Mar 2, 2020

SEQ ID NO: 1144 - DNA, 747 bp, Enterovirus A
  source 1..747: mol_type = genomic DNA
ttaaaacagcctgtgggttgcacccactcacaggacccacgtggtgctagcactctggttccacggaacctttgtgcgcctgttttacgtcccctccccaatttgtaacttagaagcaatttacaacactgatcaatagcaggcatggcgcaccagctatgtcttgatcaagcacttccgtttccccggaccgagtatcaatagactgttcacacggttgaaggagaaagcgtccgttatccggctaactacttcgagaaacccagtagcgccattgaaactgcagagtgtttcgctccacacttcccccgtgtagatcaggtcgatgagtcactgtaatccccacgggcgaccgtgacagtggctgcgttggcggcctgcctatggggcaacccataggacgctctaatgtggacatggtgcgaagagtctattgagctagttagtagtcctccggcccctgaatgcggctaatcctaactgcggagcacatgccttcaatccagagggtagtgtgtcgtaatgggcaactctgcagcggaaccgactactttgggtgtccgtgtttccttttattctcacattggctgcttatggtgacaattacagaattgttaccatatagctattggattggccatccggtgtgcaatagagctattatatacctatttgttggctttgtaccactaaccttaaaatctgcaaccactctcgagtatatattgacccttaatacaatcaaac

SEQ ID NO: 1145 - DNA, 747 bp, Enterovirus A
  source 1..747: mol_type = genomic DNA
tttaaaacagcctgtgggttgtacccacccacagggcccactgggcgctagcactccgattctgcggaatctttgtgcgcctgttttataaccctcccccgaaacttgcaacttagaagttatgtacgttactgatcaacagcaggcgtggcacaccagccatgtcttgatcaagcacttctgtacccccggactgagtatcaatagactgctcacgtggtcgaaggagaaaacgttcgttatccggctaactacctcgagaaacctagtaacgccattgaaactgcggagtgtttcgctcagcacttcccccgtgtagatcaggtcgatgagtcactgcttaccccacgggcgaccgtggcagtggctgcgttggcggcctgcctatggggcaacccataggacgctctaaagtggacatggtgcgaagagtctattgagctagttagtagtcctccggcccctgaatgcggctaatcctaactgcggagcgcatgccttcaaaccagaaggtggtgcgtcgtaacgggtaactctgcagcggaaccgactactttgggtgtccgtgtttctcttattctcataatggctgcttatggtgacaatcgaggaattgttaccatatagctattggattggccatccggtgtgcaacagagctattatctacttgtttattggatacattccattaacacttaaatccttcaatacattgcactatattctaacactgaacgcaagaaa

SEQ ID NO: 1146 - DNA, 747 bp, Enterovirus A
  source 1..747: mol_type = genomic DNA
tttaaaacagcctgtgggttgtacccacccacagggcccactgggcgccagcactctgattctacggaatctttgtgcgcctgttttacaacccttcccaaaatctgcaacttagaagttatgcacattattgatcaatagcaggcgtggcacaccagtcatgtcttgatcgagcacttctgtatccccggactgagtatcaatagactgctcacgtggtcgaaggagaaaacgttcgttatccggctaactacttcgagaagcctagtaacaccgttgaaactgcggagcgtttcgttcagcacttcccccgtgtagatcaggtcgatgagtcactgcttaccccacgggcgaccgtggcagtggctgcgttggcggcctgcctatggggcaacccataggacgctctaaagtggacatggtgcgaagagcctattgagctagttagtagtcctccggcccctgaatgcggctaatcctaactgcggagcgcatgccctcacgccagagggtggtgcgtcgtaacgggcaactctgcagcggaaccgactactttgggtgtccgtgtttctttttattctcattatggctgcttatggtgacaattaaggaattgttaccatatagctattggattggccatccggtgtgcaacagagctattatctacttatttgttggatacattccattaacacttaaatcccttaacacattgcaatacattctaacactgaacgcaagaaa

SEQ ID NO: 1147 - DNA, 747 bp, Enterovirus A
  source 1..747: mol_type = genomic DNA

Today we’re going to talk through the history of Airbnb. But more importantly, we’re going to look at what brought the hospitality industry to a place so ripe to be disrupted. The ancient Greeks, Romans, Persians, and many other cultures provided for putting travelers up while visiting other cities in one way or another. Then inns begins to rise from roads connecting medieval Europe, complete with stables and supplies to get to your next town. The rise of stagecoaches gave way to a steady flow of mail and a rise in travel over longer distances for business gave way to much larger and fancier hotels in the later 1700s and 1800s. In 1888 Cesare Ritz became the first manager of the Savoy hotel in London, after time at the Hotel Splendide in Paris and other hotels. He would open the Paris Ritz in 1898 and expand with properties in Rome, Frankfurt, Palermo, Madrid, Cairo, Johannesburg, Monte Carlo, and of course London. His hotels were in fact so fancy that he gave us the term ritzy. Ritz is one of the most lasting names but this era was the first boom in the hotel industry, with luxury hotels popping up all over the world. Like the Astor, the Waldorf Astoria, the Plaza, the Taj Mahal, and the list goes on. The rise of the hotel industry was on its way when Conrad Hilton bought the Mobley Hotel in Cisco Texas in 1919. By 1925 he would open the Dallas Hilton and while opening further hotels nearly ruined him in the Great Depression he emerged into the post World War II boom times establishing a juggernaut now boasting 568 hotels. Best Western would start in 1946 and now has 4,200 locations. After World War II we saw the rise of the American middle class and the great American road trip. Chains exploded. Choice Hotels which acts as more of a franchiseier established in 1939 sits with 7,000 locations but that’s spread across Extended Stay, MainStay, Quality Inn, Cambria Hotels, Comfort Inn, and other brands. Holiday Inn was founded 1952 in the growing post-war boom time by Kemmons Wilson and named after the movie by the same name. The chain began with that first hotel in 1952 and within 20 years hit 1,400 Holiday Inns landing Wilson on the cover of Time as “The Nation’s Innkeeper.’ They would end up owning Harrah's Entertainment, Embassy Suites Hotels, Crowne Plaza, Homewood Suites, and Hampton Inn now sitting with 1,173 hotels. The Ramada would start the next year by Marion Isbell and has now grown to 811 locations. Both of them started their companies due to the crappy hotels that were found on the sides of roads, barely a step above those founded in the medieval days. Howard Johnson took a different path, starting with soda shops then restaurants and opening his first hotel in 1954, expanding to 338 at this point, and now owned by Wyndham Hotels, a much later entrant into the hotel business. Wyndham also now owns Ramada. The 1980s led to a third boom in hotels with globalization, much like it was the age of globalization for other brands and industries. The oil boom in the Middle East, the rising European Union, the opening up of Asian markets. And as they grew, they used computers to build software to help and cut costs and enable loyalty programs. It was an explosion of money and profits and as the 80s gave way to the 90s, the Internet gave customers the ability to comparison shop and the rise of various sites that aggregated hotel information, with Expedia, Travelocity, American Express, even Concur rising - sites came and went quickly and made it easy for AccorHotels to research and then buy Raffles, Sofitel, Novotel and for Intercontinental and others to user in the era of acquisitions and mergers. Meanwhile the Internet wasn’t just about booking hotels at chains easily. VRBO began in 1995 when David Clouse wanted to rent his condo in Breckenridge and got sick of classifieds. Seeing the web on the rise, he built a website and offered subscriptions to rent properties for vacations, letting owners and renters deal directly with one another to process payments. Vacation Rentals By Owner, or VRBO would expand through the 90s. And then Paris Hilton happened. Her show The Simple Life in 2003 led to a 5 year career that seemed to fizzle at the Toronto International Film Festival in 2008 with the release of a critical documentary of her called Paris, Not France. The mergers and acquisitions and globalization and being packed in stale smokey rooms like sardines seemed to have run its course. Boutique hotels were opening, a trend that started in the 90s and by 2008 W Hotels was expanding into Europe, now with 55 properties around the world. And that exemplifies what some of this backlash was against big chains that was starting to brew. In 2004, CEH Holdings bought a few websites to start HomeAway.com and in 2006 raised $160 million in capital to buy VRBO and gain access to their then 65,000 properties. homeaway.com would be acquired by Expedia in 2015 for $3.9 billion, but not before a revolution in the hospitality industry began. That revolution started with 2 industrial design students. Brian Chesky and Joe Gebbia had come from the Rhode Island School of Design. After graduation Gebbia would move to San Francisco and Chesky would move to Los Angeles. They had worked on projects together in college and Gebbia bugged Chesky about moving to San Francisco to start a company together for a few years. By 2007 Chesky gave in and made the move, becoming one of Gebbia’s two roommates. It was the beginning of the Great Recession. They were having trouble making rent. The summer of 2008 brought the Industrial Designers Society of America’s Industrial Design Conference to San Francisco. They had the idea to take a few air beds from a recent camping trip and rent them out in their apartment. Paris Hilton would never have done that. They reached out to a former roommate of theirs, Nathan Blecharczyk. He’s a Harvard alum and pretty rock solid programmer and signed on to be a co-founder, building them a website in Ruby on Rails. They rented those three airbeds out and called their little business airbedandbreakfast.com. They thought they were on to something. I mean, who wouldn’t want to rent an airbed and crash on someone’s kitchen floor?!?! But reality was about to come calling. Venture capital was drying up due to the deepening recession. They tried to raise funding and failed. And so far their story seems pretty standard. But this is where I start really liking them. They bought a few hundred boxes of cereal and made '"Obama O's" and "Cap'n McCain's" to sell at the Democratic National Convention in 2008 for $40 per box. They sold $30,000 worth, enough to bootstrap the company. They would go to South By South West and visit events, growing slowly in New York and San Francisco. The money would last them long enough to make it into Y Combinator in 2009. Paul Graham and the others at Y Combinator has helped launch 2,000 companies, including Docker, DoorDash, Dropbox, GitLab, Gusto, Instacart, Reddit, Stripe, Twitch, and Zapier. They got $20,000 from Y Combinator. They changed the site to airbnb.com and a people started to book more and more stays - and not just with airbeds, but rending their full homes out. They charged 3% of the booking as a fee - a number that hasn’t really changed in all these years. They would get $600,000 in funding from Sequoia Capital in 2009 when they finally got up to 2,500 listings and had 10,000 users. Nothing close to what homeaway.com had, but they would get more funding from Sequoia and added Greylock to the investors and by the close of 2010 they were approaching a million nights booked. From here, the growth got meteoric. They won the app award during a triumphant return to South By South West in 2011 and went international, opening an office in London and expanding bookings to 89 countries. The investments, the advertising, the word of mouth, the media coverage. So much buzz and so much talk about innovation and disruption. The growth was explosive. They would iterate the website and raised another $112 million dollars in venture capital. And by 2012 they hit 10 million nights booked. And that international’s expansion paid off with well over half being outside of the United States. Growth of course led to problems. A few guests trashed their lodgings and Airbnb responded with a million dollar policy to help react to those kinds of things in the future. Some of the worse aspects of humanity can be seen on the web. They also encountered renters trying to discriminate based on race. So they updated their policies and took a zero tolerance approach. More importantly, they responded that they didn’t have to think of such things given the privilege of having a company founded by three white guys. They didn’t react with anger or displacement. They said we need to be better, with every problem that came up. And the growth continued. Doubling every year. They released a new logo and branding in 2014 and by 2016 were valued at $30 billion dollars. They added Trips, which seems to still be trying to catch up to what Groupon started doing for booking excursions years ago. During the rise of AirBNB we saw an actual increase in hotel profits. Customers are often millennials who are traveling more and more, given the way that the friction and some of the cost has been taken out of travel. The average age of a host is 43. And of the hosts I know, I can wager that Airbnb rentals have pumped plenty of cash back into local economies based on people taking better care of their homes, keeping fresh paint, and the added tourism spend when customers are exploring new cities. And not just visiting chains. After all, you stay at Airbnb for the adventure, not to go to shop for the same stuff at Forever 21. Even if you take out the issues with guests trashing places and racism, it still hasn’t all been sunshine and unicorns. AirBNB has been in legal battles with New York and a few other cities for years. Turns out that speculators and investors cause extra strain on an already over-burdened housing market. If you want to see the future of living in any dense population center, just look to New York. As the largest city in the US, it’s also the largest landlord of any public institution with over 400,000 tenants. And rent is rising almost twice as fast as incomes with lower income rents going up faster than those of the wealth. Independent auditors claim that AirBNB is actually accountable for 9.2 percent of that. But 79 percent of hosts use their Airbnb earnings to afford their apartments.And if many of the people that count on AirBNB to make their rent can’t afford their apartments. AirBNB argues their goal is to have “one host, one home” which is to say they don’t want a lot of investors. After all, will most investors want to sit around the kitchen table and talk about the history of the city or cool tidbits about neighborhoods. Probably not. AirBNB was started to offer networking opportunities and a cool place to stay that isn’t quite so… sterile. Almost the opposite of Paris Hilton’s life, at least according to TMZ and MTV shows. San Francisco and a number of other cities have passed ordinances as well, requiring permits to rent homes through AirBNB and maximizing the number of days a home can be rented through the service, often to about two thirds of a year. But remember, AirBNB is just the most visible but not the only game in town. Most category leaders have pre-existing competition, like VRBO and HomeAway. And given the valuation and insane growth of AirBNB, it’s also got a slew of specialized competitors. This isn’t to say that they don’t contribute to the problems with skyrocketing housing costs. They certainly do. As is often the case with true disruptors, Pandora’s Box is open and can’t be closed again. Regulation will help to limit the negative impacts of the disruption but local governments will alienate a generation that grew up with a disruption if they are overly-punitive. And most of the limits in place are easily subverted anyways. For example, if there’s a limit on the number of nights you can rent, just do half on VRBO and the other half on Airbnb. But no matter the problems, AirBNB continues to grow. They react well. Gebbia, now the CEO, has a deep pipeline of advisors he can call on in times of crisis. Whether corporate finance, issues with corporate infighting, crisis management, or whatever the world throws at them, the founders and the team they’ve surrounded themselves with have proven capable of doing almost anything. Today, AirBNB handles over half a million transactions per night. They are strongest with millineals, but get better and better at expanding out of their core market. One adjacency would be corporate bookings through a partnership with Concur and others, something we saw with Uber as well. Another adjacency. They now make more money than the Hilton and Hilton subsidiaries. Having said that, the major hotel chains are all doing better financially today than ever before and continue to thrive maybe despite, or maybe because AirBNB. That might be misleading though, revenue per room is actually decreasing correlative to the rise of AirBNB. And of course that’s amplified at the bottom tier of hotels. Just think of what would have happened had they not noticed that rooms were selling out for a conference in 2007. Would what we now call the “sharing” economy be as much a thing? Probably. Would someone else have seized the opportunity? Probably. But maybe not. And hopefully the future will net a more understanding and better connected society once we’ve all get such intimate perspectives on different neighborhoods and the amazing little ecosystems that humanity has constructed all over the world. That is the true disruption: in an age of global sterility, offering the most human of connections. As someone who loves staying in quirky homes on Airbnb, a very special thanks to Chesky, Gebbia, Blecharczyk, and the many, many amazing people at Airbnb. Thank you for reacting the way you do to problems when they arise. Thank you for caring. Thank you for further democratizing and innovating hospitality and experiences. And most importantly, thank you for that cabin by the lake a few months ago. That was awesome! And thanks to the listeners who tuned in to this episode, of the History of Computing Podcast. Have a great day!